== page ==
There’s no other way to put it: what a crappy week.
And I was so looking forward to it. A new colleague starting work with me, a new exciting project with a client and seeing Pink Martini live at the Albert Hall. All ruined by my uncooperative body.
A stinking cold turned into a raging temperature and the shakes while at work on Monday. All this while trying to maintain a semblance of normality and smiling through the weirdness. I did the adult thing and gave the tickets for the gig to my friend and headed home to bed. Monday night was spent tossing and turning in fevered dreams and revolting night sweats, all the time accompanied by a thumping headache and rasping cough.
Tuesday, I work up feeling a lot better and kicked off a new project with a client. I was managing to hide my residual illness quite well until I had an epileptic seizure in front of the audience. Yes, this has happened before. It was a bizarre experience and a good illustration of what the brain can do when it mis-fires. I was unable to speak or read but I could excuse myself from the room by almost sing-songing the words out. Very strange, Any neurologists want to write a paper on me?
I had to finish the day and then collapsed at home. Shattered. Wednesday I worked from home after a brief meeting with colleagues to get them set up for an event I was supposed to be co-running.
Thursday, I kicked off another client-facing event in good form and got through all 7 hours of training delivery without a hitch. Until everyone had left and I had another, worse seizure. I tend to unscientifically label my seizure types. All are complex-partial seizures, so I don’t drop to the ground and writhe about. My brain simply misbehaves, leaving me looking stunned, confused and occasionally doing weird things. This time, I was in the bathroom at the client offices when it happened. I had what I like to call a “Hitchcock”.
These wipe my memory for a few minutes, leaving me confused, paranoid and worried that something terrible has just happened. My mind races to try and figure out how I got where I am and how I get out. I was in a bathroom, that much was easy. But where? And who was I with? This only lasted for about 5 minutes, but during that time, I took on the air of a central character in a Hitchcock thriller, when all the evil agents are out to get them. I go into real fight-or-flight mode and become hyper-vigilent. Scary stuff.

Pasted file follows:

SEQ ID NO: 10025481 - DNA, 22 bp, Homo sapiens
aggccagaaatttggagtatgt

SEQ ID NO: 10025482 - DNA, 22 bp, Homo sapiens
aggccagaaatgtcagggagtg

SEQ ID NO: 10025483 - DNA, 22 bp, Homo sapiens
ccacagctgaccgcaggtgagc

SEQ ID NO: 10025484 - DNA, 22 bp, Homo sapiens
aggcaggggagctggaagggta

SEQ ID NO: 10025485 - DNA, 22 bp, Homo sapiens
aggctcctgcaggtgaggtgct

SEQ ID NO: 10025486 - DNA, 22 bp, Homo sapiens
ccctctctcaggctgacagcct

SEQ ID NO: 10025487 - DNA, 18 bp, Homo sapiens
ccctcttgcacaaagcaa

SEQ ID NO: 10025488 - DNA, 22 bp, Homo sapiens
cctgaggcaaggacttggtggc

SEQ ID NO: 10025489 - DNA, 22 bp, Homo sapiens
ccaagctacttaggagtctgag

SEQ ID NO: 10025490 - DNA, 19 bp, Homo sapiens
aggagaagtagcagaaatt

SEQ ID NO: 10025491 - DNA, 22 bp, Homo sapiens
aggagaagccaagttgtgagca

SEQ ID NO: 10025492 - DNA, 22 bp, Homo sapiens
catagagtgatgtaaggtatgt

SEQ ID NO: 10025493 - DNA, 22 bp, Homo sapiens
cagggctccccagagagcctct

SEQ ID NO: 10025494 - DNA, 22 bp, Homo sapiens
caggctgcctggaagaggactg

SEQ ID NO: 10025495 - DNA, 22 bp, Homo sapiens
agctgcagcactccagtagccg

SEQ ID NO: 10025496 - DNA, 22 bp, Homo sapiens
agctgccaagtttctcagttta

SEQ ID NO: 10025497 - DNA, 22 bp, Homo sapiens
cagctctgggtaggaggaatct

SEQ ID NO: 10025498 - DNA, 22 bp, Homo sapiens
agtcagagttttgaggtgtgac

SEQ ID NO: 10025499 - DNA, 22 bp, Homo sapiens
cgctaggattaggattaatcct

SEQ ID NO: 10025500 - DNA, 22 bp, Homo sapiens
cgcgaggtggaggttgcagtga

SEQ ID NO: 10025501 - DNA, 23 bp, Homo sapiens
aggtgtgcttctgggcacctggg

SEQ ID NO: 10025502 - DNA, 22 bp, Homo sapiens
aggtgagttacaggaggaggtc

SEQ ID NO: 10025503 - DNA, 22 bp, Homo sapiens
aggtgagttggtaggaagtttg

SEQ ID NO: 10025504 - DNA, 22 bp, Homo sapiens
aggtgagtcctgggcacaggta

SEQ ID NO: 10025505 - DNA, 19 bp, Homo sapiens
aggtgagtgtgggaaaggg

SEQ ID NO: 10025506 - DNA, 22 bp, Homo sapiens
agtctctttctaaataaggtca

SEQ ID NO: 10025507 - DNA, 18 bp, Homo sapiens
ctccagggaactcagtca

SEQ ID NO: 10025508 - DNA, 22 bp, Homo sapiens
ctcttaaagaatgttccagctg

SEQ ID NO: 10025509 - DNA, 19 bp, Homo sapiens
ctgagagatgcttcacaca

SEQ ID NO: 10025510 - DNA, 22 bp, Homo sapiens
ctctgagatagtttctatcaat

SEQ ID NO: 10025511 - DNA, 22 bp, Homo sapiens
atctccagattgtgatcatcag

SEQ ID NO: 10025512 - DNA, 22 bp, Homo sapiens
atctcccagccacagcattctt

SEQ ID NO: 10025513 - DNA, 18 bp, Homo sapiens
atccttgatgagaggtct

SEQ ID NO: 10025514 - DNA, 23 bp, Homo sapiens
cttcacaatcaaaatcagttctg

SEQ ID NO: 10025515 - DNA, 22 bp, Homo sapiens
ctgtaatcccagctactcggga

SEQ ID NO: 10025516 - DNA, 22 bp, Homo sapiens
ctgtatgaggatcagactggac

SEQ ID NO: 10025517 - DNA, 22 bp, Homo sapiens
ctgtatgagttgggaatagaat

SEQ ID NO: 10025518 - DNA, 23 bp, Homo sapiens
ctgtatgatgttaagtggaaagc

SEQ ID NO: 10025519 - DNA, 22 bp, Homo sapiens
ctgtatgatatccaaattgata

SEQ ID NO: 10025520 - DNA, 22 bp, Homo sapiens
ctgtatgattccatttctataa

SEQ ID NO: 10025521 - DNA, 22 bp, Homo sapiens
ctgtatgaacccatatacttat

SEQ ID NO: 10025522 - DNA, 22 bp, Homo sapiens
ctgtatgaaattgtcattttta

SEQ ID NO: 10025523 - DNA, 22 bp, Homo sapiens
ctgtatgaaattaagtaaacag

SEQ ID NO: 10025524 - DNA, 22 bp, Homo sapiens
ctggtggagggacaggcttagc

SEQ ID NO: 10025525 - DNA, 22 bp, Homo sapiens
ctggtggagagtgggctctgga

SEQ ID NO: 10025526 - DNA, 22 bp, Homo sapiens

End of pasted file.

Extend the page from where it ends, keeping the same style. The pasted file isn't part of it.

While this was a Hitchcock, Tuesday’s episode was a mere “Brain Fart”. With these, it’s like someone has hit the reset button on my brain and it needs to reboot. I grin like an idiot, but can’t speak or really let people know what’s going on. In the past, some people haven’t noticed it was happening, especially if they were doing the talking at the time.
However, regardless of the type of seizure, I’m left with the mother of all headaches. The type where you can’t bend over to take off your shoes without a wave of pain behind your eyes. There’s also an element of depression – nothing serious, but just a feeling of being down, tired and disinterested. It passes after some sleep, but the headache stays around just long enough to be annoying.
Ten minutes later, I was back in the real world, remembering everything and thanking jeebus it didn’t happen in front of my clients. It’s just too embarrassing.
Two of these episodes in one week is enough for me, so I cancelled my appointments and worked from home yesterday. After a few calls and several dozen tidying up emails, I was feeling more human and clocked off at about 3pm. One relaxing evening later and I’m back to my normal self. Even the cold is gone!
Its too easy to be a pain in the arse about these things and be “oh woe is me” every time it happens. I try to remember I’m stuck with this, it’s going to keep happening and, when all is said and done, it’s not ruining my life. I can hold down a job, travel, keep fit and do basically what I want. The exceptions? No booze, no sleep deprivation, and a need to minimise stress. Probably a healthy recipe for most people if I’m honest. Oh, and I’m not allowed to drive. Probably for the best, eh?
I don’t write or talk about my epilepsy to get sympathy. There are millions of people out there with far worse epilepsy than me. If anything, it’s to explain what the experience is like and maybe strip away some of the misconceptions associated with it.
The good news? All is well in my brain, and just in time for the weekend.
You’ve got to accentuate the positive, as the great man once said…